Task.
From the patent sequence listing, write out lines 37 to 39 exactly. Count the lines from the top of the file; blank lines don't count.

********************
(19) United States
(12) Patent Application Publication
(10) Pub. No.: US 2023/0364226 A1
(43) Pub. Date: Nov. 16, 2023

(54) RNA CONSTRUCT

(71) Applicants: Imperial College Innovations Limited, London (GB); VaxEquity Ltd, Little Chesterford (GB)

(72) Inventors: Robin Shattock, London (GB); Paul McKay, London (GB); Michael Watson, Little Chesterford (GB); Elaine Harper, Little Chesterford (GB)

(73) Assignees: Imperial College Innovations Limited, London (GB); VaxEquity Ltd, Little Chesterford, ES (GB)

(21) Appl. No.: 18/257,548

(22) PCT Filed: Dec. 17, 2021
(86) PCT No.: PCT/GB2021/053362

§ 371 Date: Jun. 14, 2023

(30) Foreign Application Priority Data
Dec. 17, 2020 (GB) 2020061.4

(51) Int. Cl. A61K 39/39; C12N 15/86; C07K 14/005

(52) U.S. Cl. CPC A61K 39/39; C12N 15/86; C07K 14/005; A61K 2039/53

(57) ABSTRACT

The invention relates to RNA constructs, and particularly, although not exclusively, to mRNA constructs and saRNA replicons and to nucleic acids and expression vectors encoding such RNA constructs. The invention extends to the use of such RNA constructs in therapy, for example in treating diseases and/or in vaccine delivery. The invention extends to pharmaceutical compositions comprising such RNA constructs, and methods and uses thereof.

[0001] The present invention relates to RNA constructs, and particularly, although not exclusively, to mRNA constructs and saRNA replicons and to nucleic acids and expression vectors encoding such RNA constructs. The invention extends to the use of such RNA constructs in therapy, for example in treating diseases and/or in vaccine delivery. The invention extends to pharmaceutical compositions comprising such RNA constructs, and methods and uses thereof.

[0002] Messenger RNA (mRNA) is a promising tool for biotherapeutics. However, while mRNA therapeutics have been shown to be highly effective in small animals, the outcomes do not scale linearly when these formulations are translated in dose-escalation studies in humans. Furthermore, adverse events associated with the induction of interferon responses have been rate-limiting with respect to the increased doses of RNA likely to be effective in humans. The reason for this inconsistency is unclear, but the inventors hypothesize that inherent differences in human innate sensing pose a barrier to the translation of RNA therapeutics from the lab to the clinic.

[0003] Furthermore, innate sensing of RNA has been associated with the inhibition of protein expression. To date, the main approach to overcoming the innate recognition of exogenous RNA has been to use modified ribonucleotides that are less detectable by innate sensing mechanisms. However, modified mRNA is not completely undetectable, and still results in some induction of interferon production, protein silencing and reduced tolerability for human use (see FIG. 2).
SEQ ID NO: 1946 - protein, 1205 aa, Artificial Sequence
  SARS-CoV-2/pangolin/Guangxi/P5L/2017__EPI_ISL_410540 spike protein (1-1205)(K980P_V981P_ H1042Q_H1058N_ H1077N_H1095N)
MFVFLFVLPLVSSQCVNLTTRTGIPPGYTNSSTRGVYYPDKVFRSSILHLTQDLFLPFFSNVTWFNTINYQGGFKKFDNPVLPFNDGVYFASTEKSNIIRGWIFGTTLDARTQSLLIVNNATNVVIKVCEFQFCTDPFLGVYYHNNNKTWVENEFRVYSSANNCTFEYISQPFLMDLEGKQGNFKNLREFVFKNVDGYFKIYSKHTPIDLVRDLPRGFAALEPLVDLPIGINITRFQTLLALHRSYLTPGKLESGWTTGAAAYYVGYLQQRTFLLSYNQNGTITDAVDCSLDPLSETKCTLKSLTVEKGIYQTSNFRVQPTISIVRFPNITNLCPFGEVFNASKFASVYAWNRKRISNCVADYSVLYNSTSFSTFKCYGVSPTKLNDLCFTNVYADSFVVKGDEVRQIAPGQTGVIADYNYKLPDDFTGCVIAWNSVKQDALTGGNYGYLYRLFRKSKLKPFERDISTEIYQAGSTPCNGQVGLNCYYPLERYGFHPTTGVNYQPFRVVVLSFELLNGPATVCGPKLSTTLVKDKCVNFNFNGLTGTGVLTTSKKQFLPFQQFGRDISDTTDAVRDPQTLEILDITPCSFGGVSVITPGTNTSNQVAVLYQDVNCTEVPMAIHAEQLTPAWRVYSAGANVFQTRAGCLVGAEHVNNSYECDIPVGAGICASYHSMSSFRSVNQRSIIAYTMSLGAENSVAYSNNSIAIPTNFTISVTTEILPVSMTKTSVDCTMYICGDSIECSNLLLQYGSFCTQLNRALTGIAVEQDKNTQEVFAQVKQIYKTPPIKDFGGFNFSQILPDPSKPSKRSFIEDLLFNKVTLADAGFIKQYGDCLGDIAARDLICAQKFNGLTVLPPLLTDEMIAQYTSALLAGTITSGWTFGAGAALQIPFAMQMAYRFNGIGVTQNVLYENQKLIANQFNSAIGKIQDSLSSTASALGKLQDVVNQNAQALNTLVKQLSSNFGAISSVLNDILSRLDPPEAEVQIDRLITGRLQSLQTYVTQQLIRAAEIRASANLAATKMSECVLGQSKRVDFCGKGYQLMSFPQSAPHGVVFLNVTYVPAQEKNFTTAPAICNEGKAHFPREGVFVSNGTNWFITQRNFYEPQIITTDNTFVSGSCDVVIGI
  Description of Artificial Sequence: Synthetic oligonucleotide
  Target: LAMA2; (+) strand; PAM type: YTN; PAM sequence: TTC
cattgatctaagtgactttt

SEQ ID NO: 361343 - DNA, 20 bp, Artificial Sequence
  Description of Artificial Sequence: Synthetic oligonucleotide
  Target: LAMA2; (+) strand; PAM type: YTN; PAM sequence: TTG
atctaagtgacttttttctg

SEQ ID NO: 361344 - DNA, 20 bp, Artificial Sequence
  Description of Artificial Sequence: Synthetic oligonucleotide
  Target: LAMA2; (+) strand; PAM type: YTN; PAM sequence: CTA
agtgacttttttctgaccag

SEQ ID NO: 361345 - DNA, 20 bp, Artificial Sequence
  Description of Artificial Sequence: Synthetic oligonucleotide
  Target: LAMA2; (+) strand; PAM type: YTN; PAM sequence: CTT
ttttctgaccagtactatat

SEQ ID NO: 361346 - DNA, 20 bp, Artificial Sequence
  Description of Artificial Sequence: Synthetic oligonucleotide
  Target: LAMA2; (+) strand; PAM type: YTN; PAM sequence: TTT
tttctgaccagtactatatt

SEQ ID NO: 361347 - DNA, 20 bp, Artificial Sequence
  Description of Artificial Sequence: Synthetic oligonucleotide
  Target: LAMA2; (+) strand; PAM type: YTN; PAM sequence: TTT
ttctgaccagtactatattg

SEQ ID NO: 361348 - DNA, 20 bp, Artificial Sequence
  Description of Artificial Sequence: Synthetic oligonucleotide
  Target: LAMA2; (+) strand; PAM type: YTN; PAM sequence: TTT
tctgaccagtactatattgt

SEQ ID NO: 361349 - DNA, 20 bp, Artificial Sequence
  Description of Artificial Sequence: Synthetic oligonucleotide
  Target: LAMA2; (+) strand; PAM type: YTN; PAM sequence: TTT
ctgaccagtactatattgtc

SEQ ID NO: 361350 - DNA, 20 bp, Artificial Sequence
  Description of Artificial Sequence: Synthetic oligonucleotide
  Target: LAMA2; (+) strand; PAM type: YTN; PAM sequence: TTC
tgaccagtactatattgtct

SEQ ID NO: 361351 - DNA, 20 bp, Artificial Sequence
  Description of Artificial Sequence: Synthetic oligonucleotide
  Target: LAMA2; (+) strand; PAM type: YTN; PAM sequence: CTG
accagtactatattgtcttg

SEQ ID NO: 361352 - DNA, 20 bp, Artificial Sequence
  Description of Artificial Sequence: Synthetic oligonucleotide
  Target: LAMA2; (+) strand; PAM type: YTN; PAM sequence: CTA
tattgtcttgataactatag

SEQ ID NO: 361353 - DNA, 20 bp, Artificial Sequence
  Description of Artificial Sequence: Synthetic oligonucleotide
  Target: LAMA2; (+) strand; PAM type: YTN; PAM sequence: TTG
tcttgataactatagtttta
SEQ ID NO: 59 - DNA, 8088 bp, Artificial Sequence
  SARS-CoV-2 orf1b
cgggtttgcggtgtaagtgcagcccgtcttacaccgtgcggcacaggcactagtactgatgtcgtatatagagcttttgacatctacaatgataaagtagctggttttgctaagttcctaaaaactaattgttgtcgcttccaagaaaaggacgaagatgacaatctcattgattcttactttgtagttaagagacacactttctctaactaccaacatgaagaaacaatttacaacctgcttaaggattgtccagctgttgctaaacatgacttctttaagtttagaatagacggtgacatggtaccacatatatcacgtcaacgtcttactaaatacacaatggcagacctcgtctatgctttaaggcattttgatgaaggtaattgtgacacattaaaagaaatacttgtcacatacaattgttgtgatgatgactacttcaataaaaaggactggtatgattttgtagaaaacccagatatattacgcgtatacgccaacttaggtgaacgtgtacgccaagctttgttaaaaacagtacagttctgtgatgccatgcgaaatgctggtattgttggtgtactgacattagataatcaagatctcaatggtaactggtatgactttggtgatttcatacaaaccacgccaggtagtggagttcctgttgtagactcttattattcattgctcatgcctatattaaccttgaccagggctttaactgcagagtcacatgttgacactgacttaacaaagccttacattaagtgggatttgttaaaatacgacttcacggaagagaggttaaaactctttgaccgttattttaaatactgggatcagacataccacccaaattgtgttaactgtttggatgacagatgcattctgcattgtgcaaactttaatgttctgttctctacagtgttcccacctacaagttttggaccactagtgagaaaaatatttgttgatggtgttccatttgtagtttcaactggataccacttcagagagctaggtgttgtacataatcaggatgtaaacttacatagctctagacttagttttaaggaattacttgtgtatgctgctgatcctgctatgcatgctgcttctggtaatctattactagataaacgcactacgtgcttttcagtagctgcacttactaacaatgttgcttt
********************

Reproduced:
  Description of Artificial Sequence: Synthetic oligonucleotide
  Target: LAMA2; (+) strand; PAM type: YTN; PAM sequence: CTT
ttttctgaccagtactatat